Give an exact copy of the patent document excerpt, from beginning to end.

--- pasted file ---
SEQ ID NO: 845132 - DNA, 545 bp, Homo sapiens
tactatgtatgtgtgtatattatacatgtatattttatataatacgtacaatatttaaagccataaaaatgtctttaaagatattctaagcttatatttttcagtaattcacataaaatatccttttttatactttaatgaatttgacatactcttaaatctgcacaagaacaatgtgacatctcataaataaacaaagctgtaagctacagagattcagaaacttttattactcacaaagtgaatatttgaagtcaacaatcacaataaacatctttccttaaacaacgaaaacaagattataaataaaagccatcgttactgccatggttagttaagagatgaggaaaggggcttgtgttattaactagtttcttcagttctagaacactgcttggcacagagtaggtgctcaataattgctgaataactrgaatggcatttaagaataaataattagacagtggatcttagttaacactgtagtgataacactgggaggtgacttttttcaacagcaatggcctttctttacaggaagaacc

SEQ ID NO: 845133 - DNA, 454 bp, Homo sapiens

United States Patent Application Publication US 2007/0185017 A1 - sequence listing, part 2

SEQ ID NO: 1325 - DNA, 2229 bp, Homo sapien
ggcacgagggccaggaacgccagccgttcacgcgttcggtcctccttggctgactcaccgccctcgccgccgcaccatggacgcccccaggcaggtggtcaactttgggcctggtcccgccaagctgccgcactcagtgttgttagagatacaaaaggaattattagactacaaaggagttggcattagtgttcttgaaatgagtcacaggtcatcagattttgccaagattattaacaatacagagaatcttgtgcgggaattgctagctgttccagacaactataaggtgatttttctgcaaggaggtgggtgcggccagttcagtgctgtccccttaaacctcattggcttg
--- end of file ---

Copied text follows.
SEQ ID NO: 845132 - DNA, 545 bp, Homo sapiens
tactatgtatgtgtgtatattatacatgtatattttatataatacgtacaatatttaaagccataaaaatgtctttaaagatattctaagcttatatttttcagtaattcacataaaatatccttttttatactttaatgaatttgacatactcttaaatctgcacaagaacaatgtgacatctcataaataaacaaagctgtaagctacagagattcagaaacttttattactcacaaagtgaatatttgaagtcaacaatcacaataaacatctttccttaaacaacgaaaacaagattataaataaaagccatcgttactgccatggttagttaagagatgaggaaaggggcttgtgttattaactagtttcttcagttctagaacactgcttggcacagagtaggtgctcaataattgctgaataactrgaatggcatttaagaataaataattagacagtggatcttagttaacactgtagtgataacactgggaggtgacttttttcaacagcaatggcctttctttacaggaagaacc

SEQ ID NO: 845133 - DNA, 454 bp, Homo sapiens

United States Patent Application Publication US 2007/0185017 A1 - sequence listing, part 2

SEQ ID NO: 1325 - DNA, 2229 bp, Homo sapien
ggcacgagggccaggaacgccagccgttcacgcgttcggtcctccttggctgactcaccgccctcgccgccgcaccatggacgcccccaggcaggtggtcaactttgggcctggtcccgccaagctgccgcactcagtgttgttagagatacaaaaggaattattagactacaaaggagttggcattagtgttcttgaaatgagtcacaggtcatcagattttgccaagattattaacaatacagagaatcttgtgcgggaattgctagctgttccagacaactataaggtgatttttctgcaaggaggtgggtgcggccagttcagtgctgtccccttaaacctcattggcttg